Divorce and changes in psychiatric morbidity: register-based trajectories of psychotropic medication among middle-aged Finns
Niina Metsä-Simola, University of Helsinki
Pekka Martikainen, University of Helsinki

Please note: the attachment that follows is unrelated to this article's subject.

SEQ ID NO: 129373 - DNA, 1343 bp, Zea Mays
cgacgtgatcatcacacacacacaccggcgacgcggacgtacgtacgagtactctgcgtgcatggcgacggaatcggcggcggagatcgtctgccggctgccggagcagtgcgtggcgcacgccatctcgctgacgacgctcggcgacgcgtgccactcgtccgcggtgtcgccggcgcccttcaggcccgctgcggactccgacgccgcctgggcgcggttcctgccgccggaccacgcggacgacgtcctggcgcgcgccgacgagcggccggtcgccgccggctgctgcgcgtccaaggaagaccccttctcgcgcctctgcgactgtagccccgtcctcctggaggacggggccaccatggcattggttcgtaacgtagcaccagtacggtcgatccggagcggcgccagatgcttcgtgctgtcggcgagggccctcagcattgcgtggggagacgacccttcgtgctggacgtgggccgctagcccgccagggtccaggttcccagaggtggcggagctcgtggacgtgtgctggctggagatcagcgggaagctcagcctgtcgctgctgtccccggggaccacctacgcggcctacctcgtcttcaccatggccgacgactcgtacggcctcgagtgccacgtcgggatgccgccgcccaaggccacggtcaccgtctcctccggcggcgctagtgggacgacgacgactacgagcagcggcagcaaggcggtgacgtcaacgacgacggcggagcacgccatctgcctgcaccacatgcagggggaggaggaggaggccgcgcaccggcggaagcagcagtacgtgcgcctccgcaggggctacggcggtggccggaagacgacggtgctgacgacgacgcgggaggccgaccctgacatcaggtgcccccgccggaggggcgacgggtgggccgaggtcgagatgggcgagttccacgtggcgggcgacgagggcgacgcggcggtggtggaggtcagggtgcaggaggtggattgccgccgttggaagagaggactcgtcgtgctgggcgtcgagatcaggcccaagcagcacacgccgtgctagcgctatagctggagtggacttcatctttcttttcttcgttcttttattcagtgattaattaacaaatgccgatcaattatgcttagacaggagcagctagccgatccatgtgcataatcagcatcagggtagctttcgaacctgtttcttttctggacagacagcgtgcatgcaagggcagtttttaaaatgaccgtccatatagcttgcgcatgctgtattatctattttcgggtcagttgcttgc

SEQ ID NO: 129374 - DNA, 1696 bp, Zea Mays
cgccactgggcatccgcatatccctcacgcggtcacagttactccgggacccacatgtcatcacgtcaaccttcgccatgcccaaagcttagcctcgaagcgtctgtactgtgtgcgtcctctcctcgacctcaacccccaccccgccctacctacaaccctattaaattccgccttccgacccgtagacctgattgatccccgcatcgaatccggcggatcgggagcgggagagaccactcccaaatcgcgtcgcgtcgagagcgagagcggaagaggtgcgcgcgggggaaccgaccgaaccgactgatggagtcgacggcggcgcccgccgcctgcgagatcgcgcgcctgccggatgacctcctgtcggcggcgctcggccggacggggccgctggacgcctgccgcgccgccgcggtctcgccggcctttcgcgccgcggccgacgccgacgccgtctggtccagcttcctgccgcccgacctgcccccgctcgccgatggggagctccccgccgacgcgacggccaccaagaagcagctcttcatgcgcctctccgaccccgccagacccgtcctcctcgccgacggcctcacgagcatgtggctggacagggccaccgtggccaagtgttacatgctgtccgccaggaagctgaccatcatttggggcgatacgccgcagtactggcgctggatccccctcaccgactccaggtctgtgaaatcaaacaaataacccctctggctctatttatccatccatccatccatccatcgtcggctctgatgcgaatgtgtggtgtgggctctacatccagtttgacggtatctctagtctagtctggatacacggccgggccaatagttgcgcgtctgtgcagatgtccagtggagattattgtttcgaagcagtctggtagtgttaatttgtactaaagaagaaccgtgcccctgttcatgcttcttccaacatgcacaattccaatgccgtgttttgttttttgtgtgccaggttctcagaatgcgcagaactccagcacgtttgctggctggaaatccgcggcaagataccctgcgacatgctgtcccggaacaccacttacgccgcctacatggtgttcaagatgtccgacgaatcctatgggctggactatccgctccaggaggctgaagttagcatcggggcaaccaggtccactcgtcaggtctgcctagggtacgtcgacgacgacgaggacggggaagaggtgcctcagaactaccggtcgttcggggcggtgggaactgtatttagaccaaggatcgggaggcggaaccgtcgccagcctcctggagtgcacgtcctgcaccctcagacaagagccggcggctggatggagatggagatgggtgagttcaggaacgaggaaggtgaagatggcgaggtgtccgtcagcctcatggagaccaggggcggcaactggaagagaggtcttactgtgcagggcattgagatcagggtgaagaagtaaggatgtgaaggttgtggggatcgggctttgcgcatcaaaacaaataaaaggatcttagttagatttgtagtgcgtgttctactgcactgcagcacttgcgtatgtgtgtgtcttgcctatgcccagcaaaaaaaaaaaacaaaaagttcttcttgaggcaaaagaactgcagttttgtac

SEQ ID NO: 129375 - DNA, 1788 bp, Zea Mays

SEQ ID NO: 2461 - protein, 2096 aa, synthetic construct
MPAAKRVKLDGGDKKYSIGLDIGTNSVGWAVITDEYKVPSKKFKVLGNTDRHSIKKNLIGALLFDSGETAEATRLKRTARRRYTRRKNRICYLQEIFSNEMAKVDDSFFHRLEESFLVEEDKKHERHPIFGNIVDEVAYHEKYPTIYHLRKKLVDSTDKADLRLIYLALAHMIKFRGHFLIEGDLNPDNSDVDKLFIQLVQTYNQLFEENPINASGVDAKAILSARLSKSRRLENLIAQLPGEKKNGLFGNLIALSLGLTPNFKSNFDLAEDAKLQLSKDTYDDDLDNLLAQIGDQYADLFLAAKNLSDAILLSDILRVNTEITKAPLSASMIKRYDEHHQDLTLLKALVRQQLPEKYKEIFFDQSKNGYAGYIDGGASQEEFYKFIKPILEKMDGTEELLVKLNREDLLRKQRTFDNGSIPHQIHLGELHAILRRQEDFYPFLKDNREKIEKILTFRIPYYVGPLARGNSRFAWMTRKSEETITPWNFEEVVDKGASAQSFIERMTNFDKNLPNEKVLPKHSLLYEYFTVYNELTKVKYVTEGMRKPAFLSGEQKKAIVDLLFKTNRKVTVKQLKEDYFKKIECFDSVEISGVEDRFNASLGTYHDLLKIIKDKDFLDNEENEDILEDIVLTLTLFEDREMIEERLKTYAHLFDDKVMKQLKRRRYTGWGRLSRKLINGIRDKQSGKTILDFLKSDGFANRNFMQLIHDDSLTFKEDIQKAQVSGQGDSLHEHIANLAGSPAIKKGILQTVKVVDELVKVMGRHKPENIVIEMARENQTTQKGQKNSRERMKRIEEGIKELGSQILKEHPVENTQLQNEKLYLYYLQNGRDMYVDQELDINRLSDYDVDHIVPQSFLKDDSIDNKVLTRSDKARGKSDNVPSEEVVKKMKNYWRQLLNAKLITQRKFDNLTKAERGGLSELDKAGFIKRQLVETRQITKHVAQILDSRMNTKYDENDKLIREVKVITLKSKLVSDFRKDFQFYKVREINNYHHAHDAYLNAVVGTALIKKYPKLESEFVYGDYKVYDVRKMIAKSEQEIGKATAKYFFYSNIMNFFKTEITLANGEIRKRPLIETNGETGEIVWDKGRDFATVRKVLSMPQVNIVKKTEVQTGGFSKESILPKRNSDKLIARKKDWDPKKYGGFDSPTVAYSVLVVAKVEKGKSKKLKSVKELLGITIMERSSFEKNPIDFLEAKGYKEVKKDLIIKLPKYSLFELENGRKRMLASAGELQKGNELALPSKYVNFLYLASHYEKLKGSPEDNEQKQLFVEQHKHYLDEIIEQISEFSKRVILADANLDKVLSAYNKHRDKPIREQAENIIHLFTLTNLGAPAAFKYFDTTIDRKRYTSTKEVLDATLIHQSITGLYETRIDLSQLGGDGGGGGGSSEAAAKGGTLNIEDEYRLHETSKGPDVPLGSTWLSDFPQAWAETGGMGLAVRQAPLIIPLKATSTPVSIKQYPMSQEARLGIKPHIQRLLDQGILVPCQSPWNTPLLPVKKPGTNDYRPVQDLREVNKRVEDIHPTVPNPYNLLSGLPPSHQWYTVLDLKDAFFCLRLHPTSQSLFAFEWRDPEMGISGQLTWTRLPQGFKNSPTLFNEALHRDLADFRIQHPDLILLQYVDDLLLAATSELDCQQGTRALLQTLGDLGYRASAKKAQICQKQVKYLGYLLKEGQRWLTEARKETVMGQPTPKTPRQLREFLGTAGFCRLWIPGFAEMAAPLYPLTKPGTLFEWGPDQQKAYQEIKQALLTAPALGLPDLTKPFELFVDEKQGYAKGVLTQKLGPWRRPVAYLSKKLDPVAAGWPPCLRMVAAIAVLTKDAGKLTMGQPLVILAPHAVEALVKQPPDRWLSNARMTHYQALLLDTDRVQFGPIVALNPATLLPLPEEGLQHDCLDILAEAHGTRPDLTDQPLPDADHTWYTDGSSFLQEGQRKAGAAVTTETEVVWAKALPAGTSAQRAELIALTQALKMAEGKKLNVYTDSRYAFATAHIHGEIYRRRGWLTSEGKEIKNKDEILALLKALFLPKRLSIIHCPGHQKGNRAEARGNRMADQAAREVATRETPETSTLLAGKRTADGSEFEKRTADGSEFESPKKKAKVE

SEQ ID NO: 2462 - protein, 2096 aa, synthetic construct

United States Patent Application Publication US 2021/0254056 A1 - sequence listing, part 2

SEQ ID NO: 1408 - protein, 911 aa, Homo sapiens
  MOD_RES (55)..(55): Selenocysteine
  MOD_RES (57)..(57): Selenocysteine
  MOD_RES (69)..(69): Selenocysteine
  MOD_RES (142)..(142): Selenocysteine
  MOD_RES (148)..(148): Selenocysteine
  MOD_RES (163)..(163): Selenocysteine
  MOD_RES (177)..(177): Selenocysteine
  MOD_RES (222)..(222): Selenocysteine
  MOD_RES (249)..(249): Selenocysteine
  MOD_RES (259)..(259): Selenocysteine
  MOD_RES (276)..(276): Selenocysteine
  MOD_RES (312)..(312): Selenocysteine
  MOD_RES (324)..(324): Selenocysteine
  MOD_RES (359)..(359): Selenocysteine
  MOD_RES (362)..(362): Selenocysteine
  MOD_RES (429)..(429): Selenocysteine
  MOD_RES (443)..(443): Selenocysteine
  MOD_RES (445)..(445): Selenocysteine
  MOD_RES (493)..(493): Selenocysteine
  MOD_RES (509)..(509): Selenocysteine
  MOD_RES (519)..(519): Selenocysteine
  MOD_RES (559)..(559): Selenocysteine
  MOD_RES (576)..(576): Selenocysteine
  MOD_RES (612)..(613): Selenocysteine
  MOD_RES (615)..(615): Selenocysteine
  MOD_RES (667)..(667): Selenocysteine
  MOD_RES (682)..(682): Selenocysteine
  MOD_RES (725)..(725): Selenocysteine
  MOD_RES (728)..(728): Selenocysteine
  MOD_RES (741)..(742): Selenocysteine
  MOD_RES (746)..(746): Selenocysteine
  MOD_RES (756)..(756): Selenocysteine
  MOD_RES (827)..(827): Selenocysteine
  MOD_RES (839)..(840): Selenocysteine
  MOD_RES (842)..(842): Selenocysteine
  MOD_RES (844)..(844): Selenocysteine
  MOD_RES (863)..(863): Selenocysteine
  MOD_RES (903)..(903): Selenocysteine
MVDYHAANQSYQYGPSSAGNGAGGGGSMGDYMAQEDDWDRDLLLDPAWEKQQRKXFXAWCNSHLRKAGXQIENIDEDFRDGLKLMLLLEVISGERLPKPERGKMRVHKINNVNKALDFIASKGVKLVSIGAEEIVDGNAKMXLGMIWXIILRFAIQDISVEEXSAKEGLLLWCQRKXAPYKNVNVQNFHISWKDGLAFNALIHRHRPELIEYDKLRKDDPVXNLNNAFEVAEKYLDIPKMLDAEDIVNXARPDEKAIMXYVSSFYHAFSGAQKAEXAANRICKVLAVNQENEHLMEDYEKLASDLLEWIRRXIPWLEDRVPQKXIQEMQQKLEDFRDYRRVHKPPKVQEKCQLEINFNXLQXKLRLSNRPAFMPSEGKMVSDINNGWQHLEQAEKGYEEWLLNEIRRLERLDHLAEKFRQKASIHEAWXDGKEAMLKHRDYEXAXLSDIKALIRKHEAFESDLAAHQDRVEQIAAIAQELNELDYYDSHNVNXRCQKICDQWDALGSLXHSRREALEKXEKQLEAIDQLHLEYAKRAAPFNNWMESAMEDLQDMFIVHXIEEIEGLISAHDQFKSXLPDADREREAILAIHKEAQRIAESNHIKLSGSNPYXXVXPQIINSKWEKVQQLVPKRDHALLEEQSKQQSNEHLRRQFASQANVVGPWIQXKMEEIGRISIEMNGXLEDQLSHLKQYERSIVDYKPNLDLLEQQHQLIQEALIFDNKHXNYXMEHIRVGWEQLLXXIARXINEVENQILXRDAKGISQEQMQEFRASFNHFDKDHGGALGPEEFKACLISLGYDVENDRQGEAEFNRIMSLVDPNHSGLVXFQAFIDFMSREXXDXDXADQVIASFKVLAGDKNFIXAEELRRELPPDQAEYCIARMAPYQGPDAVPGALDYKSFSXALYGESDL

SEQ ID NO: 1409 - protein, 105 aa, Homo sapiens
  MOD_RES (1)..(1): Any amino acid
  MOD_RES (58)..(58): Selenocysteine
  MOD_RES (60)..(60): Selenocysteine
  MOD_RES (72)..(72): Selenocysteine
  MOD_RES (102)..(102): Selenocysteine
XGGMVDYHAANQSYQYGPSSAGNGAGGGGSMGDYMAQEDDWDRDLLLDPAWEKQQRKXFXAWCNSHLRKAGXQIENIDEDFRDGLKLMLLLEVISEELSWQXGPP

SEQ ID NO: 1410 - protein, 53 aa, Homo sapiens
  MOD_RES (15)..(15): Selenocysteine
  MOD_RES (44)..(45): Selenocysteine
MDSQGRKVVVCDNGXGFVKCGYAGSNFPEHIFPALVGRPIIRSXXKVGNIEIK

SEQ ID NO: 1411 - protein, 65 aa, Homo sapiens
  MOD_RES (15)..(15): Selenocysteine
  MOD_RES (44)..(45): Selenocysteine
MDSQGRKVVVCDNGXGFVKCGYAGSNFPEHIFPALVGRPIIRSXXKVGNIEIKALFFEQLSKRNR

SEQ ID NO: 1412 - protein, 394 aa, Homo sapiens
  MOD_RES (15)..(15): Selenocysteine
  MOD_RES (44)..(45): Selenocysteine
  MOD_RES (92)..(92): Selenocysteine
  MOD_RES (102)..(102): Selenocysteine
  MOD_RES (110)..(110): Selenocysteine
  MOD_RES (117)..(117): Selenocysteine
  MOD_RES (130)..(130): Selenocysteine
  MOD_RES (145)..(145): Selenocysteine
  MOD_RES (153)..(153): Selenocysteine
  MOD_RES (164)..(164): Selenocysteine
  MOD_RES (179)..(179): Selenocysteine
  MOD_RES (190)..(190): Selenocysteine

Background: The prevalence of psychiatric morbidity might change before and after divorce in a manner similar to psychological distress. We measure psychiatric morbidity with prescribed psychotropic medication, and examine changes in medication prevalence 5 years before and 5 years after divorce. Methods: We used population-registration data on 166,049 married Finns aged 25-64, of whom 23,956 divorced during 1995-2003. We divided time before and after the date of divorce into three-month intervals, and assessed the prevalence of psychotropic medication (ATC-codes N05 & N06 excluding NO6D) during each interval. These data were analyzed with repeated measures logistic regression using generalized estimating equations. We report changes in prevalence by sex, medication type and socio-demographic characteristics. Results: The average three-month prevalence of psychotropic medication was 7% among divorced men and 10% among divorced women. Compared to those whose marriage continued, men who eventually divorced had 1.57 and women 1.40-times higher odds for medication purchases already 3.5-5 years before divorce. Medication prevalence increased thereafter, the increase accelerating 2 years before divorce to 29% per year among men and 27% among women. The highest prevalence was reached 6-9 months before divorce. A decrease during the next 18 months followed, after which little change occurred. Largest pre- and post-divorce changes were observed in the purchases of antidepressants, and more so among those who were younger, employed, had high level of income or education, owned their home, or divorced from their first marriage. However, socio-economic resources had little mediating effect on the excess medication among the divorced. Conclusions: Pronounced psychiatric morbidity seems to be related to the process of divorce rather than to post-divorce disadvantage. Age and socio-economic factors moderate the effect divorce has on psychiatric morbidity, but excess medication among the divorced is not explained by socio-economic disadvantage, suggesting a need for psychological rather than socio-economic support.